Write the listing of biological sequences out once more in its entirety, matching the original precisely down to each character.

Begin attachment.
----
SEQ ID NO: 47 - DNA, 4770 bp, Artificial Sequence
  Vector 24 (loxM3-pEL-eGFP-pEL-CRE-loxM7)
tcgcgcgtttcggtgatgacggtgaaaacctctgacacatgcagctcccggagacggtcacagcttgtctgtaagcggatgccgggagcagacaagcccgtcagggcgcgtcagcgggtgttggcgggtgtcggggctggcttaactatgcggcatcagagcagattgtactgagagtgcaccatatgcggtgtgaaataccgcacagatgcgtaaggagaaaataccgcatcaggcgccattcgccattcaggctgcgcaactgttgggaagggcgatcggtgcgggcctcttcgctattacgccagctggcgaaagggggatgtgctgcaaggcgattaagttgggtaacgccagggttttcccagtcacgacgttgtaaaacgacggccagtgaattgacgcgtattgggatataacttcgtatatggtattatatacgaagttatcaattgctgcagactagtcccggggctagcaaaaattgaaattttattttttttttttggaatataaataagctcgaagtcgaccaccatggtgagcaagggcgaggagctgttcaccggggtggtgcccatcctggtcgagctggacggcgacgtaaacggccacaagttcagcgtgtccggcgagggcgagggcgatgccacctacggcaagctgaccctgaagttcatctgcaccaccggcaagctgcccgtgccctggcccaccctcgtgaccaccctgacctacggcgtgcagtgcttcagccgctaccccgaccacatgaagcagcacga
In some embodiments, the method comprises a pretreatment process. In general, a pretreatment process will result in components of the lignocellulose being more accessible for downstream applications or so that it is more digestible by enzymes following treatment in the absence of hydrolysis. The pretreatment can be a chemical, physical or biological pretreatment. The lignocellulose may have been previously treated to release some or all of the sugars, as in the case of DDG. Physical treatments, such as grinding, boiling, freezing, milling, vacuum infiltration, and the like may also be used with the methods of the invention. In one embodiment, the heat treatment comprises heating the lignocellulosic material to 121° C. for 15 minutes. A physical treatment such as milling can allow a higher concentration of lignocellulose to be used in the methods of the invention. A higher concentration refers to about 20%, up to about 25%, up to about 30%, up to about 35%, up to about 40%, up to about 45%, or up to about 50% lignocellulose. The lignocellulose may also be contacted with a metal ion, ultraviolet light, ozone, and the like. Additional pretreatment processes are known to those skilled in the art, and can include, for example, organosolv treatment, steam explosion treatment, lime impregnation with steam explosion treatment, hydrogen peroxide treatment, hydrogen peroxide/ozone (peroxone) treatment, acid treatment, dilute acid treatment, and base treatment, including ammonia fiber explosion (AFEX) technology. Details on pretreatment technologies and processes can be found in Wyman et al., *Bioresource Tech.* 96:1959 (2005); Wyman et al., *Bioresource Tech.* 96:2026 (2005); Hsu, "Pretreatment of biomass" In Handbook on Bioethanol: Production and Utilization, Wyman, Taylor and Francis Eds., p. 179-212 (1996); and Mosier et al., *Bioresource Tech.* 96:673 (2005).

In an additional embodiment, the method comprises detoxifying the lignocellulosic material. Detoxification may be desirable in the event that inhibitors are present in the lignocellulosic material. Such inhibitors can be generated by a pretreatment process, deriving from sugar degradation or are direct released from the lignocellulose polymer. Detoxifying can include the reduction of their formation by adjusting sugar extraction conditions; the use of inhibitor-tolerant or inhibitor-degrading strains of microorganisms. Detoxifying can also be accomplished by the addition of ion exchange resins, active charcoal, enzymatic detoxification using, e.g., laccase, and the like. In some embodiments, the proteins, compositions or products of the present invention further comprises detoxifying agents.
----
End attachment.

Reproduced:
SEQ ID NO: 47 - DNA, 4770 bp, Artificial Sequence
  Vector 24 (loxM3-pEL-eGFP-pEL-CRE-loxM7)
tcgcgcgtttcggtgatgacggtgaaaacctctgacacatgcagctcccggagacggtcacagcttgtctgtaagcggatgccgggagcagacaagcccgtcagggcgcgtcagcgggtgttggcgggtgtcggggctggcttaactatgcggcatcagagcagattgtactgagagtgcaccatatgcggtgtgaaataccgcacagatgcgtaaggagaaaataccgcatcaggcgccattcgccattcaggctgcgcaactgttgggaagggcgatcggtgcgggcctcttcgctattacgccagctggcgaaagggggatgtgctgcaaggcgattaagttgggtaacgccagggttttcccagtcacgacgttgtaaaacgacggccagtgaattgacgcgtattgggatataacttcgtatatggtattatatacgaagttatcaattgctgcagactagtcccggggctagcaaaaattgaaattttattttttttttttggaatataaataagctcgaagtcgaccaccatggtgagcaagggcgaggagctgttcaccggggtggtgcccatcctggtcgagctggacggcgacgtaaacggccacaagttcagcgtgtccggcgagggcgagggcgatgccacctacggcaagctgaccctgaagttcatctgcaccaccggcaagctgcccgtgccctggcccaccctcgtgaccaccctgacctacggcgtgcagtgcttcagccgctaccccgaccacatgaagcagcacga
In some embodiments, the method comprises a pretreatment process. In general, a pretreatment process will result in components of the lignocellulose being more accessible for downstream applications or so that it is more digestible by enzymes following treatment in the absence of hydrolysis. The pretreatment can be a chemical, physical or biological pretreatment. The lignocellulose may have been previously treated to release some or all of the sugars, as in the case of DDG. Physical treatments, such as grinding, boiling, freezing, milling, vacuum infiltration, and the like may also be used with the methods of the invention. In one embodiment, the heat treatment comprises heating the lignocellulosic material to 121° C. for 15 minutes. A physical treatment such as milling can allow a higher concentration of lignocellulose to be used in the methods of the invention. A higher concentration refers to about 20%, up to about 25%, up to about 30%, up to about 35%, up to about 40%, up to about 45%, or up to about 50% lignocellulose. The lignocellulose may also be contacted with a metal ion, ultraviolet light, ozone, and the like. Additional pretreatment processes are known to those skilled in the art, and can include, for example, organosolv treatment, steam explosion treatment, lime impregnation with steam explosion treatment, hydrogen peroxide treatment, hydrogen peroxide/ozone (peroxone) treatment, acid treatment, dilute acid treatment, and base treatment, including ammonia fiber explosion (AFEX) technology. Details on pretreatment technologies and processes can be found in Wyman et al., *Bioresource Tech.* 96:1959 (2005); Wyman et al., *Bioresource Tech.* 96:2026 (2005); Hsu, "Pretreatment of biomass" In Handbook on Bioethanol: Production and Utilization, Wyman, Taylor and Francis Eds., p. 179-212 (1996); and Mosier et al., *Bioresource Tech.* 96:673 (2005).

In an additional embodiment, the method comprises detoxifying the lignocellulosic material. Detoxification may be desirable in the event that inhibitors are present in the lignocellulosic material. Such inhibitors can be generated by a pretreatment process, deriving from sugar degradation or are direct released from the lignocellulose polymer. Detoxifying can include the reduction of their formation by adjusting sugar extraction conditions; the use of inhibitor-tolerant or inhibitor-degrading strains of microorganisms. Detoxifying can also be accomplished by the addition of ion exchange resins, active charcoal, enzymatic detoxification using, e.g., laccase, and the like. In some embodiments, the proteins, compositions or products of the present invention further comprises detoxifying agents.